Common side effects from using skin cancer creams include redness of skin, scabbing and crusting, says Cancer Research UK. Rarer and more serious side effects include soreness, fever, achy joints and mouth sores.
Examples of skin cancer creams are imiquimod cream and fluorouracil cream, states Chemocare. Imiquimod cream is an immune system modifier that is used to treat actinic keratosis, a type of skin cancer. Imiquimod releases cytokines, which make cells produce more interferon and destroy the cancer cells. Cancer grows by dividing and replicating at an abnormal rate. This process of replication is called metabolism.
Fluorouracil cream, another cream used to treat actinic keratosis, attacks cancer cells by stopping their metabolic processes, explains Chemocare. This is why Fluorouracil cream is classified as an antimetabolite. Skin cancer creams can be used in combination with other treatments.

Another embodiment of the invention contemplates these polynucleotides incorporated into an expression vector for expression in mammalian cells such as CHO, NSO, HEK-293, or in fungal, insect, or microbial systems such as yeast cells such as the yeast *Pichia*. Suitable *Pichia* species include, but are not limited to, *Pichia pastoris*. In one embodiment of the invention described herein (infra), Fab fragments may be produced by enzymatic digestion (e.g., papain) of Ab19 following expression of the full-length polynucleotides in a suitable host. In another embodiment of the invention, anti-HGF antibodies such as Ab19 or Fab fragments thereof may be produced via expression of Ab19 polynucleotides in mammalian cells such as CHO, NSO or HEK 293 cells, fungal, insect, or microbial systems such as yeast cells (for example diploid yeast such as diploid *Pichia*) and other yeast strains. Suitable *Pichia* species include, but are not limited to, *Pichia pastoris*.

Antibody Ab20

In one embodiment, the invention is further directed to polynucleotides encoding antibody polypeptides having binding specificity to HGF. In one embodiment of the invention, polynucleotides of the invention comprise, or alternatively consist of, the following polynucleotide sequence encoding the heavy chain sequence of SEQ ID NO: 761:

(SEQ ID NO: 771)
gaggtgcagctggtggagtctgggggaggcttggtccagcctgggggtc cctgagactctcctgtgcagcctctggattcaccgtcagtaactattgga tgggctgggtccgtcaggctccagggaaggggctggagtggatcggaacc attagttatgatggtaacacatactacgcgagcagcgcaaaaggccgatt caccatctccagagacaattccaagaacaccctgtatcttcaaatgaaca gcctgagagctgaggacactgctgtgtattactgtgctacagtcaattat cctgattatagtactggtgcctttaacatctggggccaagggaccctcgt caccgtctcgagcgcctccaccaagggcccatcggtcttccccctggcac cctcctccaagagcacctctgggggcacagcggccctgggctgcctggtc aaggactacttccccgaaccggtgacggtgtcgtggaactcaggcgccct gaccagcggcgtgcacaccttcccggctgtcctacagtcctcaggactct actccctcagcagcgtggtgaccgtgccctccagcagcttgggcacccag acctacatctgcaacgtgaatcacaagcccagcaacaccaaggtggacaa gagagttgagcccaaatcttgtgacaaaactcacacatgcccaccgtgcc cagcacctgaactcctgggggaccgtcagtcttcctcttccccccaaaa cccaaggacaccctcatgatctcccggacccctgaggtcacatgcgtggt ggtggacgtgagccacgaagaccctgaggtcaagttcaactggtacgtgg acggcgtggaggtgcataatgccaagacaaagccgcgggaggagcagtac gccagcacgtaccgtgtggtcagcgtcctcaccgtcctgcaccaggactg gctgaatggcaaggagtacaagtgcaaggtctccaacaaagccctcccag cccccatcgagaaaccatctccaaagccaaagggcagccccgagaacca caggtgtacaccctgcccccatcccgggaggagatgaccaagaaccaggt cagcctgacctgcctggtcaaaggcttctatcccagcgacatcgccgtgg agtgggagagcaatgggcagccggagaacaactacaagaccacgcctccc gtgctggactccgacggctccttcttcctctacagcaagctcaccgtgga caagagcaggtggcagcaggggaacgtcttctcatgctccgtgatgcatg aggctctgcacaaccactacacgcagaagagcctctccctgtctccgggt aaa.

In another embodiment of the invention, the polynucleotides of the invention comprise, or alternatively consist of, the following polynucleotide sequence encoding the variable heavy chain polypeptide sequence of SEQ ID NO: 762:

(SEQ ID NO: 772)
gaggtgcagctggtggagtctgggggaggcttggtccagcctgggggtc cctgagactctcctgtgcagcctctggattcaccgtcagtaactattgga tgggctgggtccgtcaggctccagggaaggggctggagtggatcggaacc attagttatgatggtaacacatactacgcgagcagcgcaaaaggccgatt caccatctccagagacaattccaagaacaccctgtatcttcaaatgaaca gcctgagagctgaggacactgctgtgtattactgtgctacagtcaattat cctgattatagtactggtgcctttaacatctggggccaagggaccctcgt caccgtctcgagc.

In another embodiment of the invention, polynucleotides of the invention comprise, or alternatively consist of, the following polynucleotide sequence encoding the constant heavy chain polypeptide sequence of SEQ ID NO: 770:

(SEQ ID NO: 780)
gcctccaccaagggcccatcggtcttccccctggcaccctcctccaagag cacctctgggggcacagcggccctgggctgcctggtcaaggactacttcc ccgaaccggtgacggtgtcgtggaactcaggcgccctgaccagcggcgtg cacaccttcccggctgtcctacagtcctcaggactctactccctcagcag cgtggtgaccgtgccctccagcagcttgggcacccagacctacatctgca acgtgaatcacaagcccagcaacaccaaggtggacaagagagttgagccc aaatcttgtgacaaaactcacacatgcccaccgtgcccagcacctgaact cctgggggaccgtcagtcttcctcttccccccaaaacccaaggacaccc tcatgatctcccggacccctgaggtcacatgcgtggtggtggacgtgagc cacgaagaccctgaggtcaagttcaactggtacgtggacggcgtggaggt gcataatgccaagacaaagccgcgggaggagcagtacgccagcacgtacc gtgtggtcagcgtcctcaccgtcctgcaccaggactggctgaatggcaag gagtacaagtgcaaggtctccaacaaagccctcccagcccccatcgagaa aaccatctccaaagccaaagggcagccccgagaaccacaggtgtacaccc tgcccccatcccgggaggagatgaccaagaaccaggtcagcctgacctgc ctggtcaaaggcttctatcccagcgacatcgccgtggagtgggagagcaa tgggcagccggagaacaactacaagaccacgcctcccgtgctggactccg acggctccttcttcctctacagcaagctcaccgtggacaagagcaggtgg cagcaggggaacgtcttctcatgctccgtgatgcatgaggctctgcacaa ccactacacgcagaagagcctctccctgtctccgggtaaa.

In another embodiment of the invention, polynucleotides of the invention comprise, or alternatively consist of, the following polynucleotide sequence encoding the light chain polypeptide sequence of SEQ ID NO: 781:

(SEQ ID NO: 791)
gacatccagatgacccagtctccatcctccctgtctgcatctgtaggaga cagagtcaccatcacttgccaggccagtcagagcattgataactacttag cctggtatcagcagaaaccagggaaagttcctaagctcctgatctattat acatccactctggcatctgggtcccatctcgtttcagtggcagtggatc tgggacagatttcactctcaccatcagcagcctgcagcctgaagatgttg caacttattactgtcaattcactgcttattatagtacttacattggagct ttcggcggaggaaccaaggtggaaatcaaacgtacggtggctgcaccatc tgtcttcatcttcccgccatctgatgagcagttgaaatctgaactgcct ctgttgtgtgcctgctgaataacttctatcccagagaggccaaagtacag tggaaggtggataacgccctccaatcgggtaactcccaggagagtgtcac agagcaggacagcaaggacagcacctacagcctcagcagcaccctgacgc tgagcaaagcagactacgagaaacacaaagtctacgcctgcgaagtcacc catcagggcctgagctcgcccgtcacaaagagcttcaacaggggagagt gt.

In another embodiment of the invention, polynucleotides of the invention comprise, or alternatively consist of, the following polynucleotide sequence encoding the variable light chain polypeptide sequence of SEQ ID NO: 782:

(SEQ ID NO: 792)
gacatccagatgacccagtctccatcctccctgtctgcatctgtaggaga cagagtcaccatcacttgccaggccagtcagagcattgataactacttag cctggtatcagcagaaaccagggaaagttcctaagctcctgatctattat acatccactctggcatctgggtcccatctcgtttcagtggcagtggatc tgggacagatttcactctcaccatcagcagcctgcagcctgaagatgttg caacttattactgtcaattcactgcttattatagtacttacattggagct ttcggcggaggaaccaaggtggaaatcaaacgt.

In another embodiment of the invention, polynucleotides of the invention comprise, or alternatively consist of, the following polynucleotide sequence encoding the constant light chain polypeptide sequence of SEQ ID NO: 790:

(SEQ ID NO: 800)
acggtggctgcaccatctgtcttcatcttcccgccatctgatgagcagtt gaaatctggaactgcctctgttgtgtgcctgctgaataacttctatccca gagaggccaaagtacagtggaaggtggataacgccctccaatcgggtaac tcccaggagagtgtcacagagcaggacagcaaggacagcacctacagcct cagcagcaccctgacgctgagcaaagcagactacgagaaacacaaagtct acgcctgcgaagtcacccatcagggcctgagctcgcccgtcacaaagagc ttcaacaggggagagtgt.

One of these treatments is cyrosurgery, notes the Skin Cancer Foundation. During cyrosurgery, liquid nitrogen is applied to the areas of cancer growth with a spray device. After cyrosurgery, the treated lesions shrink, and then eventually fall off. Cyrosurgery can be performed in a physicians office, with no anesthesia or cutting. Side effects of cyrosurgery include temporary redness and swelling. A more rare side effect of cyrosurgery is discoloration of the skin.